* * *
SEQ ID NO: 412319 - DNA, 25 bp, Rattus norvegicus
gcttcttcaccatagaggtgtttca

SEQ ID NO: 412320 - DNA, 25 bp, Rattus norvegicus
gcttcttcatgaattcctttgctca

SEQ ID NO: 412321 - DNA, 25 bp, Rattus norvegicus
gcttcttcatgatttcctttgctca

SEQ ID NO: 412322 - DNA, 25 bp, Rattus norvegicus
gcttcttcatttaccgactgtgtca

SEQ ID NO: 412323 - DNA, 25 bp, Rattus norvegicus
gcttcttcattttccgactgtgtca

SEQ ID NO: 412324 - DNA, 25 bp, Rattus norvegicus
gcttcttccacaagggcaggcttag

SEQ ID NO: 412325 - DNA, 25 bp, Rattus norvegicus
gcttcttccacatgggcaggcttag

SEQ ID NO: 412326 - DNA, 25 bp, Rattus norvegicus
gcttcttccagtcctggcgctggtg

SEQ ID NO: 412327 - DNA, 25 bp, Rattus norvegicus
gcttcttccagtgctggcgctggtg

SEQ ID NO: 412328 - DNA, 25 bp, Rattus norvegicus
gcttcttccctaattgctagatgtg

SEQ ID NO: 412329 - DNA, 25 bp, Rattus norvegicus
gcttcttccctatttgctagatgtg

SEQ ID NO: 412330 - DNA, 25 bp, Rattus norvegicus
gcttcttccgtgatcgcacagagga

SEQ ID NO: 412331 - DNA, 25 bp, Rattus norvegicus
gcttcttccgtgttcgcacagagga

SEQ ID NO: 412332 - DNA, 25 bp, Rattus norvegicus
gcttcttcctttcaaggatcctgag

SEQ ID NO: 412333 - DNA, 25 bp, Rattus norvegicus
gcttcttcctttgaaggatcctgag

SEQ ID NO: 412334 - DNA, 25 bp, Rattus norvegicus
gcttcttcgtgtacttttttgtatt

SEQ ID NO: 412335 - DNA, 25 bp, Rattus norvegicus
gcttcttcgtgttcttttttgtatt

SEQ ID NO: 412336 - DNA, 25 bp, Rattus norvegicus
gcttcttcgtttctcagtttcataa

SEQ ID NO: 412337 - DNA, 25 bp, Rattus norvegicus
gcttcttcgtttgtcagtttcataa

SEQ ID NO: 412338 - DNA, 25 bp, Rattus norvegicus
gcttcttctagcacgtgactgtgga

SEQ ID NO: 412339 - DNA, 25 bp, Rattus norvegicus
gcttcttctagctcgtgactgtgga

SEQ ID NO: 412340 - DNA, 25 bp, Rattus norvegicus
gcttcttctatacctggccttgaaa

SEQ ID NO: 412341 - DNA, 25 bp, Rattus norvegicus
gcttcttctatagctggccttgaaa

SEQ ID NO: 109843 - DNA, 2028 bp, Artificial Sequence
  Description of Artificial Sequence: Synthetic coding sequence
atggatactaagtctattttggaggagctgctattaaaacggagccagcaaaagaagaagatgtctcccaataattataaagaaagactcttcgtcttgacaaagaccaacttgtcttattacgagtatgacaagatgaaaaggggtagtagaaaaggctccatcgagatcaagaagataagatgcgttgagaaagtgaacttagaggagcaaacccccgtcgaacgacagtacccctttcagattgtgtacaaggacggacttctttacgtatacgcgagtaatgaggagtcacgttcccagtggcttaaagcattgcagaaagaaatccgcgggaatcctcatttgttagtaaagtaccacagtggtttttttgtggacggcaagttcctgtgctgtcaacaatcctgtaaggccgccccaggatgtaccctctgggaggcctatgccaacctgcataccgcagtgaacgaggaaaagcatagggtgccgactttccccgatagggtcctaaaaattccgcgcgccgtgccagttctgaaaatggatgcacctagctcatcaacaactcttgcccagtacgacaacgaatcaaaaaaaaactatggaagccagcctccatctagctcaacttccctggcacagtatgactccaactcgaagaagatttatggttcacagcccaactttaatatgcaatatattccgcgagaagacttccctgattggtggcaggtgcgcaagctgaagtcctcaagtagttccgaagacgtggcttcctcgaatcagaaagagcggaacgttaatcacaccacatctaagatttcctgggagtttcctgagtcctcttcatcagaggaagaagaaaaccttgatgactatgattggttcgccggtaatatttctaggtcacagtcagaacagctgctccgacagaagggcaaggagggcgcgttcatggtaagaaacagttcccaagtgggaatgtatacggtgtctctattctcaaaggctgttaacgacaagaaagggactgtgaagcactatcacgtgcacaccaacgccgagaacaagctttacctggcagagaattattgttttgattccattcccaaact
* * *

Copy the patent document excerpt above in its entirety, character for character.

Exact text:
SEQ ID NO: 412319 - DNA, 25 bp, Rattus norvegicus
gcttcttcaccatagaggtgtttca

SEQ ID NO: 412320 - DNA, 25 bp, Rattus norvegicus
gcttcttcatgaattcctttgctca

SEQ ID NO: 412321 - DNA, 25 bp, Rattus norvegicus
gcttcttcatgatttcctttgctca

SEQ ID NO: 412322 - DNA, 25 bp, Rattus norvegicus
gcttcttcatttaccgactgtgtca

SEQ ID NO: 412323 - DNA, 25 bp, Rattus norvegicus
gcttcttcattttccgactgtgtca

SEQ ID NO: 412324 - DNA, 25 bp, Rattus norvegicus
gcttcttccacaagggcaggcttag

SEQ ID NO: 412325 - DNA, 25 bp, Rattus norvegicus
gcttcttccacatgggcaggcttag

SEQ ID NO: 412326 - DNA, 25 bp, Rattus norvegicus
gcttcttccagtcctggcgctggtg

SEQ ID NO: 412327 - DNA, 25 bp, Rattus norvegicus
gcttcttccagtgctggcgctggtg

SEQ ID NO: 412328 - DNA, 25 bp, Rattus norvegicus
gcttcttccctaattgctagatgtg

SEQ ID NO: 412329 - DNA, 25 bp, Rattus norvegicus
gcttcttccctatttgctagatgtg

SEQ ID NO: 412330 - DNA, 25 bp, Rattus norvegicus
gcttcttccgtgatcgcacagagga

SEQ ID NO: 412331 - DNA, 25 bp, Rattus norvegicus
gcttcttccgtgttcgcacagagga

SEQ ID NO: 412332 - DNA, 25 bp, Rattus norvegicus
gcttcttcctttcaaggatcctgag

SEQ ID NO: 412333 - DNA, 25 bp, Rattus norvegicus
gcttcttcctttgaaggatcctgag

SEQ ID NO: 412334 - DNA, 25 bp, Rattus norvegicus
gcttcttcgtgtacttttttgtatt

SEQ ID NO: 412335 - DNA, 25 bp, Rattus norvegicus
gcttcttcgtgttcttttttgtatt

SEQ ID NO: 412336 - DNA, 25 bp, Rattus norvegicus
gcttcttcgtttctcagtttcataa

SEQ ID NO: 412337 - DNA, 25 bp, Rattus norvegicus
gcttcttcgtttgtcagtttcataa

SEQ ID NO: 412338 - DNA, 25 bp, Rattus norvegicus
gcttcttctagcacgtgactgtgga

SEQ ID NO: 412339 - DNA, 25 bp, Rattus norvegicus
gcttcttctagctcgtgactgtgga

SEQ ID NO: 412340 - DNA, 25 bp, Rattus norvegicus
gcttcttctatacctggccttgaaa

SEQ ID NO: 412341 - DNA, 25 bp, Rattus norvegicus
gcttcttctatagctggccttgaaa

SEQ ID NO: 109843 - DNA, 2028 bp, Artificial Sequence
  Description of Artificial Sequence: Synthetic coding sequence
atggatactaagtctattttggaggagctgctattaaaacggagccagcaaaagaagaagatgtctcccaataattataaagaaagactcttcgtcttgacaaagaccaacttgtcttattacgagtatgacaagatgaaaaggggtagtagaaaaggctccatcgagatcaagaagataagatgcgttgagaaagtgaacttagaggagcaaacccccgtcgaacgacagtacccctttcagattgtgtacaaggacggacttctttacgtatacgcgagtaatgaggagtcacgttcccagtggcttaaagcattgcagaaagaaatccgcgggaatcctcatttgttagtaaagtaccacagtggtttttttgtggacggcaagttcctgtgctgtcaacaatcctgtaaggccgccccaggatgtaccctctgggaggcctatgccaacctgcataccgcagtgaacgaggaaaagcatagggtgccgactttccccgatagggtcctaaaaattccgcgcgccgtgccagttctgaaaatggatgcacctagctcatcaacaactcttgcccagtacgacaacgaatcaaaaaaaaactatggaagccagcctccatctagctcaacttccctggcacagtatgactccaactcgaagaagatttatggttcacagcccaactttaatatgcaatatattccgcgagaagacttccctgattggtggcaggtgcgcaagctgaagtcctcaagtagttccgaagacgtggcttcctcgaatcagaaagagcggaacgttaatcacaccacatctaagatttcctgggagtttcctgagtcctcttcatcagaggaagaagaaaaccttgatgactatgattggttcgccggtaatatttctaggtcacagtcagaacagctgctccgacagaagggcaaggagggcgcgttcatggtaagaaacagttcccaagtgggaatgtatacggtgtctctattctcaaaggctgttaacgacaagaaagggactgtgaagcactatcacgtgcacaccaacgccgagaacaagctttacctggcagagaattattgttttgattccattcccaaact